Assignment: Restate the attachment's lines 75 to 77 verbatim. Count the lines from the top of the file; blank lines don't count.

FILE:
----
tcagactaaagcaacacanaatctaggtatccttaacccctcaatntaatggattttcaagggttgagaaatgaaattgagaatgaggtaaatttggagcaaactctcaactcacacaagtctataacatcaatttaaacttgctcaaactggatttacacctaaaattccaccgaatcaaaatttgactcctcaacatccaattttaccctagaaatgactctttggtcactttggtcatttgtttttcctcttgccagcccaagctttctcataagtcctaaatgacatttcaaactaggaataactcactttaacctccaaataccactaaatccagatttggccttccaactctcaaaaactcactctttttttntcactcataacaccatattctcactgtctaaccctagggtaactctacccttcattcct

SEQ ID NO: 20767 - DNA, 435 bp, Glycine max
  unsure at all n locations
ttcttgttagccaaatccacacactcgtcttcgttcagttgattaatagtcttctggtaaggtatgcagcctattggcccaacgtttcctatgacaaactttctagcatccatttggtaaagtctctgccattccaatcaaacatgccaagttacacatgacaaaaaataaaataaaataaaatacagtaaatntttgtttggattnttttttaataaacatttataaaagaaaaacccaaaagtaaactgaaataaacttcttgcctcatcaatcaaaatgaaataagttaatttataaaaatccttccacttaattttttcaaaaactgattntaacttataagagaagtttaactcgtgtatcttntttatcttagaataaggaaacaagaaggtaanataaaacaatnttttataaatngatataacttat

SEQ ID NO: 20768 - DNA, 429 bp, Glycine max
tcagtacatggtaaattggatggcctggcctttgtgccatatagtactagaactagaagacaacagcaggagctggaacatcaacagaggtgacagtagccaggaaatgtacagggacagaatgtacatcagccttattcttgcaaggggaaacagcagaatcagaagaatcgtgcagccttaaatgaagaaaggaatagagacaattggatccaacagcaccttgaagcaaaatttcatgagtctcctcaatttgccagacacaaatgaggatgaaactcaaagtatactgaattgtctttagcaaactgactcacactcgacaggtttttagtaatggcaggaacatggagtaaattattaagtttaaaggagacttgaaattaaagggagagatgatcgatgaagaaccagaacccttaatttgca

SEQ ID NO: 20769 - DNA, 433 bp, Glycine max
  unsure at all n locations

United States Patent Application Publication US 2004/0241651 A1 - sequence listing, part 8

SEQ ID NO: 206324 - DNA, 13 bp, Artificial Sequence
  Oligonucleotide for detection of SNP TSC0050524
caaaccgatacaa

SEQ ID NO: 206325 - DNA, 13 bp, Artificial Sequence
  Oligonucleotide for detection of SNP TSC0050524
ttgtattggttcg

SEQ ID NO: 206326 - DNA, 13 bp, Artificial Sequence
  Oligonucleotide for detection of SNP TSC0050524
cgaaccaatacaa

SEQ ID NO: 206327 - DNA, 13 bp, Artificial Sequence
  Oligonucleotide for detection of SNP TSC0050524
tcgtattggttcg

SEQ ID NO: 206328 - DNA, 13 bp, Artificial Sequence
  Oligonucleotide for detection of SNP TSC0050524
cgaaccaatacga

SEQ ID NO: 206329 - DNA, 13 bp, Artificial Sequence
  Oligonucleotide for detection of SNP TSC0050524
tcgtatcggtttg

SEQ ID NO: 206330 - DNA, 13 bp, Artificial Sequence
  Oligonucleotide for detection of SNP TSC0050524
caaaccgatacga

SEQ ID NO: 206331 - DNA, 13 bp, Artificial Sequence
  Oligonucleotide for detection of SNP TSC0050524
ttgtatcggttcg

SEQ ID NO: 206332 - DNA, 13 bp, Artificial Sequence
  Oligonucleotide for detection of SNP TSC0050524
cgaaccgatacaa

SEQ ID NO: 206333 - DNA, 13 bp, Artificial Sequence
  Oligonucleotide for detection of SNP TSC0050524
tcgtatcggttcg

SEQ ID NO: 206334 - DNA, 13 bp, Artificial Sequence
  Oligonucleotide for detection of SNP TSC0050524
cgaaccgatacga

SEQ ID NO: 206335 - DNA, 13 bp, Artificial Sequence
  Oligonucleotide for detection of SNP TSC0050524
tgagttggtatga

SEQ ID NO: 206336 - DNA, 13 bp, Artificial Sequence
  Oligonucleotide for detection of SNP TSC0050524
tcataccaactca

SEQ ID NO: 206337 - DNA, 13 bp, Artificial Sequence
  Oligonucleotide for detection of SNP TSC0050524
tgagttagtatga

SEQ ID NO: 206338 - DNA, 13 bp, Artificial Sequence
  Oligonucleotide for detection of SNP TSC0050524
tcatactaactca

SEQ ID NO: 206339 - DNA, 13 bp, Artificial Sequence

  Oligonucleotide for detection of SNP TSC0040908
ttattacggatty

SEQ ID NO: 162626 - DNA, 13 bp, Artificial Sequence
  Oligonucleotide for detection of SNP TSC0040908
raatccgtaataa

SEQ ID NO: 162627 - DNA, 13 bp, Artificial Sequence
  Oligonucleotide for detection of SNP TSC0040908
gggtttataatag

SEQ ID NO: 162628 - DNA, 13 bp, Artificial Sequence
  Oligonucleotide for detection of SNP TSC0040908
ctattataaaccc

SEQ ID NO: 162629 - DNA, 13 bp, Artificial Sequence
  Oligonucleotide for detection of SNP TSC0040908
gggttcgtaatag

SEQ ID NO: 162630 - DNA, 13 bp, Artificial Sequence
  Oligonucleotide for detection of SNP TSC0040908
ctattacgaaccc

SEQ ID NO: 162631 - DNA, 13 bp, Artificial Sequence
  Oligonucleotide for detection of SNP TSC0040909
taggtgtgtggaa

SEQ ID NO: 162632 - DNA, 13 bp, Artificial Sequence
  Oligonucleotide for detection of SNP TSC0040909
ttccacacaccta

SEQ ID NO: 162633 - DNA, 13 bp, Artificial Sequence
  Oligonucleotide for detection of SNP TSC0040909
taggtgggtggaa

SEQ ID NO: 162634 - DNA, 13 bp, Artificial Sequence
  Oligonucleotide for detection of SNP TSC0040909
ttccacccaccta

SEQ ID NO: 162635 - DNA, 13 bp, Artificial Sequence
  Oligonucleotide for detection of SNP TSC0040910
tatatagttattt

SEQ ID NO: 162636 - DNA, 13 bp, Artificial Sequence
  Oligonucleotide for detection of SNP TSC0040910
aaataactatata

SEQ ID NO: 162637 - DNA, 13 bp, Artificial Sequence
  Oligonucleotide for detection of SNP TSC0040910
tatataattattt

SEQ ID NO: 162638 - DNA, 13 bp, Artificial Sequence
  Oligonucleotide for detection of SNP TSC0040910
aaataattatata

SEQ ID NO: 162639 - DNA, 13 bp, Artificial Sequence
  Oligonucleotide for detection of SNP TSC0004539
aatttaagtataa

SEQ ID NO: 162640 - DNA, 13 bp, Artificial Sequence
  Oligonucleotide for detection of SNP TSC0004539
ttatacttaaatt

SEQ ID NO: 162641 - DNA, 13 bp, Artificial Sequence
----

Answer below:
taggtgtgtggaa

SEQ ID NO: 162632 - DNA, 13 bp, Artificial Sequence
  Oligonucleotide for detection of SNP TSC0040909